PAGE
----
Former presidential spokesperson Reuben Abati speaks on LGBT rights in Nigeria
Former presidential spokesperson and special adviser, to ex-Nigerian president, Goodluck Ebele Jonathan, Reuben Abati has spoken out on issues affecting lesbian, gay, bisexual and transgender persons in Nigeria.
This he did at the just concluded human rights event tagged “Human Rights, Sexuality and the Law” organized by TIERs in collaboration with Ynaija which took place on the 14th of December, at Fours Points by Sharaton, Oniru Victoria Island, Lagos Nigeria.
His selection to function at the event as a keynote speaker sparked controversies amongst members of the Nigerian LGBT community, including Bisi Alimi who objected and expressed that giving him a prominent spot at the event to speak as a ‘keynote speaker’, was not ideal following his previous homophobic statements which he made at a panel when deliberations on the anti-same sex marriage bill was discussed.
According to Bisi Alimi and others who disapproved of his participation at the event, Abati made some very serious homophobic pronouncements, in some of which he was said to have called LGBT persons pedophiles.
He was also accused to have gone on public television to promote, support and defend the anti-gay bill after it was signed into law.
But at the event, he defended himself from any wrongdoing saying that he was only defending government policies which were part of his many responsibilities as a spokesperson.
“I was speaking as a government official, I was trying to explain the position of government to the public and to the international community, because the passing of that law became very controversial” he said.
But surprisingly, Abati even though did not present any form of an apology to the LGBT community who have been gravely affected by the laws put in place by an administration he was a part of, seemed to have taken a new stand on the issue of homosexuality, and noted clearly that human right is for everyone regardless of a person’s sexual orientation.
He further stated that Nigeria is not an exception when it comes to issues of human rights as the country is a signatory to other international treaties.
“The dignity of a human being is without exclusion… the discussion of human rights, whether in relation to sexuality or any other subject, should be open and exclusive” he said.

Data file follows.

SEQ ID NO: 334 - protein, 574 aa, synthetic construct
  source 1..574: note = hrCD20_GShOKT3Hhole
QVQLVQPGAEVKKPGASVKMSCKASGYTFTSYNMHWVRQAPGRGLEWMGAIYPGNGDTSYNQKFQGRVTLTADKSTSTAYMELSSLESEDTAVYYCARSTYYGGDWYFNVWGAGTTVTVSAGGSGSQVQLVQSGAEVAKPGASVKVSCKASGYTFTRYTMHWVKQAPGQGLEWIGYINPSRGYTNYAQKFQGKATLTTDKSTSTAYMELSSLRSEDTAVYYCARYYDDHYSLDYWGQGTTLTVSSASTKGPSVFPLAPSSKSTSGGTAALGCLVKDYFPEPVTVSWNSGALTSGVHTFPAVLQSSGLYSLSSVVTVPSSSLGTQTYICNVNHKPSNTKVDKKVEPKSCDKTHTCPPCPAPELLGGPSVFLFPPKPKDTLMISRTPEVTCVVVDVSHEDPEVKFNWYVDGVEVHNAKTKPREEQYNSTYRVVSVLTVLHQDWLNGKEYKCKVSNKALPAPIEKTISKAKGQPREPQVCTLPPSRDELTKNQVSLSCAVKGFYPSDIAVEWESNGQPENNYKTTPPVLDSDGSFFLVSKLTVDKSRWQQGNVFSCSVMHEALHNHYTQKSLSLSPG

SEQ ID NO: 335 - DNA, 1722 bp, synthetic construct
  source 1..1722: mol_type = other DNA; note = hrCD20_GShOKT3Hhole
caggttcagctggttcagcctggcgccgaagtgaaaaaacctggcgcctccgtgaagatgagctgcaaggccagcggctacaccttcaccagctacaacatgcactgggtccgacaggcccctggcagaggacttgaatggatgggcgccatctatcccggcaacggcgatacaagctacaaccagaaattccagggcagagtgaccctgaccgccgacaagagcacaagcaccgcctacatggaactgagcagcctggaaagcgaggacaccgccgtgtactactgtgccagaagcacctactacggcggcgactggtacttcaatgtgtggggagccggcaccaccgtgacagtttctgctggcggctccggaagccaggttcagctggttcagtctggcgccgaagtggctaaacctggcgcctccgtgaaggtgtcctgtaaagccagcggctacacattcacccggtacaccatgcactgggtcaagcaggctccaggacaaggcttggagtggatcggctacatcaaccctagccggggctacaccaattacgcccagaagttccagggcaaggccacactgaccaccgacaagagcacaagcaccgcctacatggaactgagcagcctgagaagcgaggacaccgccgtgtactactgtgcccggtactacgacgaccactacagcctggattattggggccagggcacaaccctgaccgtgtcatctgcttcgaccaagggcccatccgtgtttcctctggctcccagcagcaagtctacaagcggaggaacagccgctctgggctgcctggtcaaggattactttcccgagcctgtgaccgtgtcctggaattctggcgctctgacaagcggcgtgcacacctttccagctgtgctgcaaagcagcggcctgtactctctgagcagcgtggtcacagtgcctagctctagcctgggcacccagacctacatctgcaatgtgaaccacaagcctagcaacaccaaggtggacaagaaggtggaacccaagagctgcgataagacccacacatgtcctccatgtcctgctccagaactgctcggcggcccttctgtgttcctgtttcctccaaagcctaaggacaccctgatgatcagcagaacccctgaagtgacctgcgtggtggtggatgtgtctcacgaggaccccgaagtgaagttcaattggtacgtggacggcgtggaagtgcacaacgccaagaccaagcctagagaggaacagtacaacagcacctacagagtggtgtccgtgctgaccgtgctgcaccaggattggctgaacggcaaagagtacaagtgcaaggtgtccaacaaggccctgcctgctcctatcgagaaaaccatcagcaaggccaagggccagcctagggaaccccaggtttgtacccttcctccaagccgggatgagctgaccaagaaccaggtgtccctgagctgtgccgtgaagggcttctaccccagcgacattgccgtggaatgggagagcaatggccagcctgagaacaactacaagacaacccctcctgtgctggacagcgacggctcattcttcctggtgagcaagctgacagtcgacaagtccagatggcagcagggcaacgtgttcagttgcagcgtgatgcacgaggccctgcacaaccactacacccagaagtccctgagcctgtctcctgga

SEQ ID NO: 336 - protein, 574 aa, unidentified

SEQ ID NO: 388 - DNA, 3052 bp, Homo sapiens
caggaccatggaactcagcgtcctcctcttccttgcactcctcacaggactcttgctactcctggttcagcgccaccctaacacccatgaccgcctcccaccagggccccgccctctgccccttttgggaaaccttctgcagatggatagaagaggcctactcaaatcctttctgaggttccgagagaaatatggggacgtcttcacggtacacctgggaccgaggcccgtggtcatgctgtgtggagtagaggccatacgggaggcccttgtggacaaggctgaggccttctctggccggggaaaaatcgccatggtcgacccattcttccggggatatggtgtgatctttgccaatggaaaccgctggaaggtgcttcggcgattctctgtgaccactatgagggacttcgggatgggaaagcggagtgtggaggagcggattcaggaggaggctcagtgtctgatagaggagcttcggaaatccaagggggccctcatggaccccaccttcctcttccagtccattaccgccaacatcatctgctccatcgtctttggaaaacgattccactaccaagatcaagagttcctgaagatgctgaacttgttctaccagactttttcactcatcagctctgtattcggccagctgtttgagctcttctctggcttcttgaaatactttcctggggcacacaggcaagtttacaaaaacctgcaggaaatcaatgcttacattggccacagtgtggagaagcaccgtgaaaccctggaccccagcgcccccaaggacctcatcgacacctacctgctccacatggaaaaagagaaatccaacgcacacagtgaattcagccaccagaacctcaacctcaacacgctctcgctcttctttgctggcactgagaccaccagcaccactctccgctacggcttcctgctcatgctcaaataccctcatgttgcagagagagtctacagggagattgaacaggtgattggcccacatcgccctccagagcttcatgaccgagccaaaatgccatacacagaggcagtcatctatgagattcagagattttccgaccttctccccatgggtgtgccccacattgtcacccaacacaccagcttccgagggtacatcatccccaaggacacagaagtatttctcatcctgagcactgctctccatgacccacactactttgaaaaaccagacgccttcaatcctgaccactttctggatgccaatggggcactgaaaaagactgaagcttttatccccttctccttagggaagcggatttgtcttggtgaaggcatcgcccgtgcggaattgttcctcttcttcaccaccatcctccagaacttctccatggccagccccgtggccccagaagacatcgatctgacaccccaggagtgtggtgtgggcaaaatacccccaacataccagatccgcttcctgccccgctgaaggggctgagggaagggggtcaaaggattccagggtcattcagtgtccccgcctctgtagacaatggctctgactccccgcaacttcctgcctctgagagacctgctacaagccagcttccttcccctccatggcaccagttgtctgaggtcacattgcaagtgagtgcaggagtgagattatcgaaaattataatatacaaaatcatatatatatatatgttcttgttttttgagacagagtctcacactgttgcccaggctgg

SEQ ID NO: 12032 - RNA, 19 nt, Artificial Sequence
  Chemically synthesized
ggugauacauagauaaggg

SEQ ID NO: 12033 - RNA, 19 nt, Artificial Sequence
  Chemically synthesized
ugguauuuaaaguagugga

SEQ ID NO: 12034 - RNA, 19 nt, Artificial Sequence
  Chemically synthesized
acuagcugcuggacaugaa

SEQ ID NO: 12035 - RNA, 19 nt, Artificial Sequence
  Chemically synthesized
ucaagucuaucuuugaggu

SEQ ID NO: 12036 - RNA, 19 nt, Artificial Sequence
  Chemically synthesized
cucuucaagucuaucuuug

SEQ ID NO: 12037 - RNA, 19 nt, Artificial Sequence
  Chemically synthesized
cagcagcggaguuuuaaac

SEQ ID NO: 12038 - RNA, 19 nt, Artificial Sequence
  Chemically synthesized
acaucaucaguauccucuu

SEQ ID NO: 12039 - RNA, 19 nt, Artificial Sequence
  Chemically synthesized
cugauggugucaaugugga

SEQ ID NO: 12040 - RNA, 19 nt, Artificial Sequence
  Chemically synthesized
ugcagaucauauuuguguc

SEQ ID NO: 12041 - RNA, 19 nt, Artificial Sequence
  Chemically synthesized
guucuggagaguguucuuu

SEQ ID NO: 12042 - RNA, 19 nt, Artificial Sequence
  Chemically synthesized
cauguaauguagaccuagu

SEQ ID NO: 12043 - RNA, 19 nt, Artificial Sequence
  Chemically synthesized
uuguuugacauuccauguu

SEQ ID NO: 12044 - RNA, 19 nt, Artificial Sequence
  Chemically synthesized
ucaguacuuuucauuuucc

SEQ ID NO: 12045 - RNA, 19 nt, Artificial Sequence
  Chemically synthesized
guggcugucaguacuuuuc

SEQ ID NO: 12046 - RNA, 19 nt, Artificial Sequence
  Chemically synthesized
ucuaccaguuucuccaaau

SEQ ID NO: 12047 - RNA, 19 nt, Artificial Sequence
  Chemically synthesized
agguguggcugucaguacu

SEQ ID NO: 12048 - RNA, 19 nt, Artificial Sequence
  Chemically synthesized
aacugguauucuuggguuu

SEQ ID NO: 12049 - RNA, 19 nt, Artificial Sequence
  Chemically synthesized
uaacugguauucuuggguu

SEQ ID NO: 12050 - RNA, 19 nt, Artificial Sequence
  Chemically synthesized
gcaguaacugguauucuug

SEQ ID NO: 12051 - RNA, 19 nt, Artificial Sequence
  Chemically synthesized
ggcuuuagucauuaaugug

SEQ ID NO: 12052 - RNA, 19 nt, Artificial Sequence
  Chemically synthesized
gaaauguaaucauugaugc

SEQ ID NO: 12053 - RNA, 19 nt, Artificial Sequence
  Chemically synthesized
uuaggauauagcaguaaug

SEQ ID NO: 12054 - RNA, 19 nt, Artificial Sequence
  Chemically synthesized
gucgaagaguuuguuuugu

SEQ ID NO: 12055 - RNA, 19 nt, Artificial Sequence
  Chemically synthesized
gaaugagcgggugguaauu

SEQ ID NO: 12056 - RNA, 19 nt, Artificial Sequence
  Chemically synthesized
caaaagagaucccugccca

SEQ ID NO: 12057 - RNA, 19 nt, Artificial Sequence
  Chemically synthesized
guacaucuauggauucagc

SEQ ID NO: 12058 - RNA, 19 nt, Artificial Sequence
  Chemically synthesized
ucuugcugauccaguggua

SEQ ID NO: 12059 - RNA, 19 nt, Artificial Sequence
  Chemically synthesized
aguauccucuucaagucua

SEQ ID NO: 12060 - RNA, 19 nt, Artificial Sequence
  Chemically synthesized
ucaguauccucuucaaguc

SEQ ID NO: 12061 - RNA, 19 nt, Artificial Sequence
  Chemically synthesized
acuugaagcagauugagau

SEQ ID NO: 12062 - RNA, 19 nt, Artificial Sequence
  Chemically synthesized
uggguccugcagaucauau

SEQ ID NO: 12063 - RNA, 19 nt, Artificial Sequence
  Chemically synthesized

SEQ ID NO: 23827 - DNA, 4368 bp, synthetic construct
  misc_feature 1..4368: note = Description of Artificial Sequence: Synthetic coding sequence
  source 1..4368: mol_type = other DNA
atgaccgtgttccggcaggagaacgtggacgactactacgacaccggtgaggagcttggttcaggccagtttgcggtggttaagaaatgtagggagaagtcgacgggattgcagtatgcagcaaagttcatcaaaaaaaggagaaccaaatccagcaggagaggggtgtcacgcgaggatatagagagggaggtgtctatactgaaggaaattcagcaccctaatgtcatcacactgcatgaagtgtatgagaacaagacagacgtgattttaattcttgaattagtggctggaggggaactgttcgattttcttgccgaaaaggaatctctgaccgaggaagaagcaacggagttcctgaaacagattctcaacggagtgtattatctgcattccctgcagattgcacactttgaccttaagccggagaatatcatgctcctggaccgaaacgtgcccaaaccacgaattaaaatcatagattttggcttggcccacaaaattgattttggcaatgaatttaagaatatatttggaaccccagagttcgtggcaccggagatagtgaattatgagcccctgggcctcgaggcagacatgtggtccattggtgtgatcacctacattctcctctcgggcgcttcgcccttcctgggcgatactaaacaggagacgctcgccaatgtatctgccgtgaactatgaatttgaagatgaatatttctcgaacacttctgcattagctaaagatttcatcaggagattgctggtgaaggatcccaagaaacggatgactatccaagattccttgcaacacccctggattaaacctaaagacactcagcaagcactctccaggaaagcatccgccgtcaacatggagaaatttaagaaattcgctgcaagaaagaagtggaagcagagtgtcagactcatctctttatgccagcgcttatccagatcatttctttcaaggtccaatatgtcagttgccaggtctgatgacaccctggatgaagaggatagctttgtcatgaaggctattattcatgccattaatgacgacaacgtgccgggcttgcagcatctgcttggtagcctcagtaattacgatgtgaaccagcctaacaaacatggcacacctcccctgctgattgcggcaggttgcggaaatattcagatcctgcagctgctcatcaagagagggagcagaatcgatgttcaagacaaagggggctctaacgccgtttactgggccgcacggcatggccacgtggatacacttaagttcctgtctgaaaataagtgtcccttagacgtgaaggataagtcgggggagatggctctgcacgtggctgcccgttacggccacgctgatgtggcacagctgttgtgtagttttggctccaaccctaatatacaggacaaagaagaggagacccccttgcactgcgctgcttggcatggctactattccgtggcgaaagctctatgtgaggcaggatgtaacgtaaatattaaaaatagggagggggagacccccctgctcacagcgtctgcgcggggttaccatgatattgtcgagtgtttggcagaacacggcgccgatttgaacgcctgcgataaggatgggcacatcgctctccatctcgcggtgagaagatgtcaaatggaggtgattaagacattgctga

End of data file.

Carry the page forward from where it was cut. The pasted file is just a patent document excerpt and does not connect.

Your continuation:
Speaking on the Same Sex Marriage Probation Act (SSMPA), Abati referenced several sections of the law and noted that there are several contradictions. He said;
“If you look at the law itself, there are contradictions. There are very clear issues that will require an amendment or a repeal of the law”
He also noted that several sections of the law are vague; specifically condemning section 4 and 5.
“On the grounds of these, the law expressly criminalizes two persons coming together, hugging each other. If that section is misinterpreted, then you could have a situation where such persons are attacked”
In his final note, Abati charged civil society organizations and members of the general public to continue to insist on human freedom adhering to the 30 basic universal human rights declarations.
The LGBT community in Nigeria remains aggrieved and continues to insist that the law against LGBT persons in the country is unconstitutional, and so wishes that it is revisited or repealed as once mentioned by the ex president, Goodluck Ebele Jonathan.
Read Also: Ex Nigerian President, Goodluck Jonathan Regrets: Nigeria’s Anti-Gay Law May Be Revisited
Homosexuality is criminalized under Nigerian law following the enactment of the Same-sex Marriage prohibition act in 2014.
The law also prescribes a jail term of up to 14 years for convicted persons as well as the imposition of fine.